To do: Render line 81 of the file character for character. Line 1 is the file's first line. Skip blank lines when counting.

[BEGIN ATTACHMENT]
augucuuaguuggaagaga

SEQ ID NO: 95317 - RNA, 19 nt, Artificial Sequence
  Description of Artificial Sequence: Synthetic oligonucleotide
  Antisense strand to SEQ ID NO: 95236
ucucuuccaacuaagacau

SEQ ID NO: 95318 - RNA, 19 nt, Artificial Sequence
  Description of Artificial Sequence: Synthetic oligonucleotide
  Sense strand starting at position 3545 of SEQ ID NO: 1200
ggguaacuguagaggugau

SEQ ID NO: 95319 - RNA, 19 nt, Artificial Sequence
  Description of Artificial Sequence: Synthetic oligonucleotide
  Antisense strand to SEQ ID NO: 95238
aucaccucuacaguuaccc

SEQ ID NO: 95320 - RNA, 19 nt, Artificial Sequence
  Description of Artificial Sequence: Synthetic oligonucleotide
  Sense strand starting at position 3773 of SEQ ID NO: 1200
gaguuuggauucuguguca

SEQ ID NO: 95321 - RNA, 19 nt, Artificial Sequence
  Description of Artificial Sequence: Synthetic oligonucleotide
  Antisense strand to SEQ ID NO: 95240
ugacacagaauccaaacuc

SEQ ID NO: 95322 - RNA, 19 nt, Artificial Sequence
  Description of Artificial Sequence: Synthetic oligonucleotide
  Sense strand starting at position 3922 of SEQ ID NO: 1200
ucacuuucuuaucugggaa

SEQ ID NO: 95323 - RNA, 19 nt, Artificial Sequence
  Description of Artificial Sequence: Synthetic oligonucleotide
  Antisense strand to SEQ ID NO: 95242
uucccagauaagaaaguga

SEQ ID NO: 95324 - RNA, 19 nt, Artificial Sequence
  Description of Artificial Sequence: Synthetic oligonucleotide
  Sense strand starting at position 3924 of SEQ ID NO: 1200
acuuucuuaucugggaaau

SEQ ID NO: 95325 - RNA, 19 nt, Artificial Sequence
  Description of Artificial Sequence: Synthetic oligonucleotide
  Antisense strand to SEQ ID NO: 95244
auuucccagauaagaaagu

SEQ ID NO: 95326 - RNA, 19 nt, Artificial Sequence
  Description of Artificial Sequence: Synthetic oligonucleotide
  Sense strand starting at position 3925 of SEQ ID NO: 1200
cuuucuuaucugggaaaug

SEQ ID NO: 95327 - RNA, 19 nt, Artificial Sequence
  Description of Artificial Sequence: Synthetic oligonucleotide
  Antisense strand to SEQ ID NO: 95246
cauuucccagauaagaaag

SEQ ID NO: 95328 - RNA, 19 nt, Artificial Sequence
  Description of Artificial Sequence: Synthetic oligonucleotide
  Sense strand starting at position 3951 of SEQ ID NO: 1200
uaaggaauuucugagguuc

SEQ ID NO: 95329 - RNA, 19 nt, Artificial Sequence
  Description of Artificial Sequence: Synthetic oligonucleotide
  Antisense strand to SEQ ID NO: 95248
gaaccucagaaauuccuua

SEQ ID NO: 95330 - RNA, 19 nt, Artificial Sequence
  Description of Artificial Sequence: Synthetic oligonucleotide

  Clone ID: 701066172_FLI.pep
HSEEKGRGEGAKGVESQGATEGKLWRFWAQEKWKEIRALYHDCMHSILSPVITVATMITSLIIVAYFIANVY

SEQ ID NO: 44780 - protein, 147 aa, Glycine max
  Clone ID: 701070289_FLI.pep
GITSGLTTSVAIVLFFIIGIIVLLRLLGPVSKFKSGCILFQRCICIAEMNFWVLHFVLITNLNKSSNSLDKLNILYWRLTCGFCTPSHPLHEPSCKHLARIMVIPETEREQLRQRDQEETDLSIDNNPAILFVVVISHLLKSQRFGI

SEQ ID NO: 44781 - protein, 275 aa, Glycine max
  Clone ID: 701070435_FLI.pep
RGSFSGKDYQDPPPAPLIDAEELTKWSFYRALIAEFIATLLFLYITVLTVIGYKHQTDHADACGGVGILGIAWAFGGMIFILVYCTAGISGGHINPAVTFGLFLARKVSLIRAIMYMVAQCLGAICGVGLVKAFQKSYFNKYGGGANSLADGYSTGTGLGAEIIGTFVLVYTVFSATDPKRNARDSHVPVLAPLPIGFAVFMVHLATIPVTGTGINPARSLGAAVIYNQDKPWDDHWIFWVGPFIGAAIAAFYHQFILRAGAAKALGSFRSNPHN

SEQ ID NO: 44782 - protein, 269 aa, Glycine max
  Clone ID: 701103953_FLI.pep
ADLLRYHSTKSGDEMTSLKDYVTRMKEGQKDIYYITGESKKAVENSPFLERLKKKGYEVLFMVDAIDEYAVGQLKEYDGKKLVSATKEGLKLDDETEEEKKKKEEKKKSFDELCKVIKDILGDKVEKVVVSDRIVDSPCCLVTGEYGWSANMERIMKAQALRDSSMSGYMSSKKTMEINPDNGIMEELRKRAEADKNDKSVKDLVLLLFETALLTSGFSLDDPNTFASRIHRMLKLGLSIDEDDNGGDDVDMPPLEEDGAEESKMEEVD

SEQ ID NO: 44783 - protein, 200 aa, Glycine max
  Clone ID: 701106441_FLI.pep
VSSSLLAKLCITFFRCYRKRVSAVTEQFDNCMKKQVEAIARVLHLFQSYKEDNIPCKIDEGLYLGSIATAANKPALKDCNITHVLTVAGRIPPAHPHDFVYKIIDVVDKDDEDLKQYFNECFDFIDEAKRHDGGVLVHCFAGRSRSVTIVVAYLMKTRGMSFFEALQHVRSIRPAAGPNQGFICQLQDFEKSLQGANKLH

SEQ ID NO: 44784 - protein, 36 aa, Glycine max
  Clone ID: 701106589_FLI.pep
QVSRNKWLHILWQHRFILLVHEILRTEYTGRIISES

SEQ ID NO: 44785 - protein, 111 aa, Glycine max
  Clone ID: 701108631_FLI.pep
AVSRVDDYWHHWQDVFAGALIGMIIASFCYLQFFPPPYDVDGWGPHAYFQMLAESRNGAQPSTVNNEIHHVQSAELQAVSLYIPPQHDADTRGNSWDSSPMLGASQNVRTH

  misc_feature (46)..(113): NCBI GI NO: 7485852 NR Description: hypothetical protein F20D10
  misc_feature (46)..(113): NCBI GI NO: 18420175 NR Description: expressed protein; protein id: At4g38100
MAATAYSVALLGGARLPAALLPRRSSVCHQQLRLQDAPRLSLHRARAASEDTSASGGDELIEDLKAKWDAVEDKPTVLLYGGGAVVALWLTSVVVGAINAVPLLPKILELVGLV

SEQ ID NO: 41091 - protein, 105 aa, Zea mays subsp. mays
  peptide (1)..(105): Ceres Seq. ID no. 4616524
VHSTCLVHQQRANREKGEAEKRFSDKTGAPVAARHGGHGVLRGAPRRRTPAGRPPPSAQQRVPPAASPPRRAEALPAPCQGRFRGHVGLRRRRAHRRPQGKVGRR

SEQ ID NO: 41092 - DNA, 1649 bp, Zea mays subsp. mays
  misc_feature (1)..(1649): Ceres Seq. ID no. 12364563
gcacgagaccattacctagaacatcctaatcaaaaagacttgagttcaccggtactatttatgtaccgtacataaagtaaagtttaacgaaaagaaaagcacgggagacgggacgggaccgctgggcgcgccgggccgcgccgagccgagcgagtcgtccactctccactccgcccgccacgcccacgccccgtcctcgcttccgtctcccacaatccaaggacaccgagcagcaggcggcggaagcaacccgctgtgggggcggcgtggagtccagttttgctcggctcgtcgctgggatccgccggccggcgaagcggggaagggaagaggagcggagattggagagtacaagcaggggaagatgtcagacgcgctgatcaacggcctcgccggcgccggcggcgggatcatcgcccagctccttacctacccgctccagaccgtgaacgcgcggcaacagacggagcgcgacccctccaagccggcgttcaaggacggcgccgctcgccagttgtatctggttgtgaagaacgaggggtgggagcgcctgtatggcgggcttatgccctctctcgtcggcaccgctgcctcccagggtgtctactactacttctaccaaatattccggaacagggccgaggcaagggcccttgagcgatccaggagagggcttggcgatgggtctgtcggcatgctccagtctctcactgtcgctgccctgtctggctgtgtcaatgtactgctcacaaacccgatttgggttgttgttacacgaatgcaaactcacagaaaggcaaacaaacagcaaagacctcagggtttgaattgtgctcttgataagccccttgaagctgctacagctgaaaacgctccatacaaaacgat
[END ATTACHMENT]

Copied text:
VHSTCLVHQQRANREKGEAEKRFSDKTGAPVAARHGGHGVLRGAPRRRTPAGRPPPSAQQRVPPAASPPRRAEALPAPCQGRFRGHVGLRRRRAHRRPQGKVGRR